JAXA’s Mercury Magnetospheric Orbiter (also known as Mio) is a spin-stabilised spacecraft that will make 15 rotations per minute, with its spin axis 90º to the Sun. It will operate from a 9.3 hour elliptical polar orbit, that will take it between 590 and 11 640 km above the planet’s surface.
Because it won’t be spinning during the journey, Mio will be protected by the Magnetospheric Orbiter Sunshield and Interface Structure (MOSIF). This ESA-built component will not only provide thermal protection but also mechanical and electrical interfaces for Mio, before it is discarded after arriving at Mercury.
The MMO has five science instruments:
Mercury Magnetometer (MMO-MAG): Providing a detailed description of Mercury’s magnetosphere and of its interaction with the planetary magnetic field and the solar wind. Principal Investigator: Wolfgang Baumjohann, Austrian Space Science, Graz, Austria.
Mercury Plasma Particle Experiment (MPPE): Seven sensors studying plasma and energetic particles in the magnetosphere and the interaction between the solar wind and Mercury’s magnetosphere. Principal Investigator: Yoshifumi Saito, Institute of Space and Astronautical Science, Kanagawa, Japan.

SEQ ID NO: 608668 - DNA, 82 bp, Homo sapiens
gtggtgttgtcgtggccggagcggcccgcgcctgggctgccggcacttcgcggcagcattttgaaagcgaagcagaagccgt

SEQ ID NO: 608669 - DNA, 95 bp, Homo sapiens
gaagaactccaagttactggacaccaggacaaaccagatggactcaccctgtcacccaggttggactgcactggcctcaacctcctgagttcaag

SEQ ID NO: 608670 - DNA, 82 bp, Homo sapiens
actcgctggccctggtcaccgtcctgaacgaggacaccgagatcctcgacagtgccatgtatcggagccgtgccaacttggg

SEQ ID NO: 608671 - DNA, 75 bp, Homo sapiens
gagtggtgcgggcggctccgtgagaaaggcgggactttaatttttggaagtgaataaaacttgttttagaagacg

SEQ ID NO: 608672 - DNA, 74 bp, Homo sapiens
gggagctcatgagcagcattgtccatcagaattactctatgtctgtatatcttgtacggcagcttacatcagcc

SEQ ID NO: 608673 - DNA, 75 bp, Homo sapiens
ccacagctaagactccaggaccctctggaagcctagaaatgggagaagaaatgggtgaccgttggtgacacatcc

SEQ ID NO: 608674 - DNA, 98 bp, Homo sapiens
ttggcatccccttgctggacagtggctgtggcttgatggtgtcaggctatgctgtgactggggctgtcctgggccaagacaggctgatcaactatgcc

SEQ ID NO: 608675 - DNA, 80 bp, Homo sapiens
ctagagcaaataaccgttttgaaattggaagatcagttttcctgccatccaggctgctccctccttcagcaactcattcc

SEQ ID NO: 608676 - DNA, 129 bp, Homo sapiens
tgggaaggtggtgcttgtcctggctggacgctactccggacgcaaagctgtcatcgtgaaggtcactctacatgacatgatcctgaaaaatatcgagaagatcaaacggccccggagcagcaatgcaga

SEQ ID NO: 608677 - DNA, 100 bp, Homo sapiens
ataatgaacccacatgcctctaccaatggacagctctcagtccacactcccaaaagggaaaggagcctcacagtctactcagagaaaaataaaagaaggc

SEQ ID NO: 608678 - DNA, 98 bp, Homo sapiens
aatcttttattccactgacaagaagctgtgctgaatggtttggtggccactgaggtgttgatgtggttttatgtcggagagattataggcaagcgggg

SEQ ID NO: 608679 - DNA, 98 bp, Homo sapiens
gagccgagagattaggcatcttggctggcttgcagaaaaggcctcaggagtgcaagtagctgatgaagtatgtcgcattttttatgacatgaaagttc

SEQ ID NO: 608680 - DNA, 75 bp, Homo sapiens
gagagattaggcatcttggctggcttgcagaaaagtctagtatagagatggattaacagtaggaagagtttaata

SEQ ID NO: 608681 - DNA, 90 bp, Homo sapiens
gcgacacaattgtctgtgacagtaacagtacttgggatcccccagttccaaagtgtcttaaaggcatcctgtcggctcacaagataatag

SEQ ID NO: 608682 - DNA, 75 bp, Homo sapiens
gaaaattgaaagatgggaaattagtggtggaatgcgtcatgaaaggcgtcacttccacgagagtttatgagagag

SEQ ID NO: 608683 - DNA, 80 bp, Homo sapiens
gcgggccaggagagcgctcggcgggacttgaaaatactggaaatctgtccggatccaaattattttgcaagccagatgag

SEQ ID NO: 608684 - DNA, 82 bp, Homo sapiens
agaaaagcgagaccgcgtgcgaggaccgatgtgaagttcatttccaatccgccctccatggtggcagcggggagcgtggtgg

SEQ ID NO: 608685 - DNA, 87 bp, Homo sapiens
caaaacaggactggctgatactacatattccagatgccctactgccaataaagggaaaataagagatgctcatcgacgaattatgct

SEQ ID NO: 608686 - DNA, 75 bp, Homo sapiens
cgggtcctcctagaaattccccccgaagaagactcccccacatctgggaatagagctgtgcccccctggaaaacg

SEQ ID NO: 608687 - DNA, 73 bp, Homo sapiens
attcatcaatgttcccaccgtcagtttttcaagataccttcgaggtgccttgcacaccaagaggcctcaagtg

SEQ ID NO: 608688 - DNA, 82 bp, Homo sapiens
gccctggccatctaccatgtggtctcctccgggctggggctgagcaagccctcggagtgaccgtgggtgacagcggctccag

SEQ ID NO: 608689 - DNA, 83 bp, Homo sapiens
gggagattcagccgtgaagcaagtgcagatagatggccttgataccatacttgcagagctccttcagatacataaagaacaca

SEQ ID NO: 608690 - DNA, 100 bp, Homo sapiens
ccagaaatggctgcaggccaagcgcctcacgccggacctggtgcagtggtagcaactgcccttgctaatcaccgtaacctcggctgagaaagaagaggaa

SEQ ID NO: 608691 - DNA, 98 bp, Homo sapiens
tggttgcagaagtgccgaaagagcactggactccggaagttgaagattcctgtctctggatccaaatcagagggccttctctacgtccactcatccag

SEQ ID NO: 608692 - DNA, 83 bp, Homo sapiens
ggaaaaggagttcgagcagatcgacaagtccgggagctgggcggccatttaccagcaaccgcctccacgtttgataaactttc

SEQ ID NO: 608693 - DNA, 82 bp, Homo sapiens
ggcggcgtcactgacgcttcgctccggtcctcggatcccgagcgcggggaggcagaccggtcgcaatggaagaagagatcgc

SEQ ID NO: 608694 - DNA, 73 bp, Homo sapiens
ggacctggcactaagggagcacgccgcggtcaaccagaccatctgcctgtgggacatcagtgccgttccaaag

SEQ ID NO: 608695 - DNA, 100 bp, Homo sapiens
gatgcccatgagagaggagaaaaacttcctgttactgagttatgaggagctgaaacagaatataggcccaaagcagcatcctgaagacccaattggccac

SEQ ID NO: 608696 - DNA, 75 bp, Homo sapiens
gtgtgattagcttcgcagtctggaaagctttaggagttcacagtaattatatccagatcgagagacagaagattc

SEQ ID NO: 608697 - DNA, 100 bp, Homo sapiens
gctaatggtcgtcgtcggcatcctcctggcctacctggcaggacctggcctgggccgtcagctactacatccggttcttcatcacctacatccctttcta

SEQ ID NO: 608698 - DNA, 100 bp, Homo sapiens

Mercury Plasma Wave Instrument (PWI): In situ and remote-sensing analysis of electric fields, plasma waves and radio waves in Mercury’s plasma environment. Principal Investigator: Yasumasa Kasaba, Tohoku University, Sendai, Japan.
Mercury Sodium Atmosphere Spectral Imager (MSASI): Measuring the abundance, distribution and dynamics of sodium in Mercury’s exosphere to investigate its sources and related processes. Principal Investigator: Ichiro Yoshikawa, University of Tokyo, Japan.
Mercury Dust Monitor (MDM): Studying the distribution of interplanetary dust in the orbit of Mercury. Principal Investigator: Masanori Kobayashi, Chiba Institute of Technology, Japan.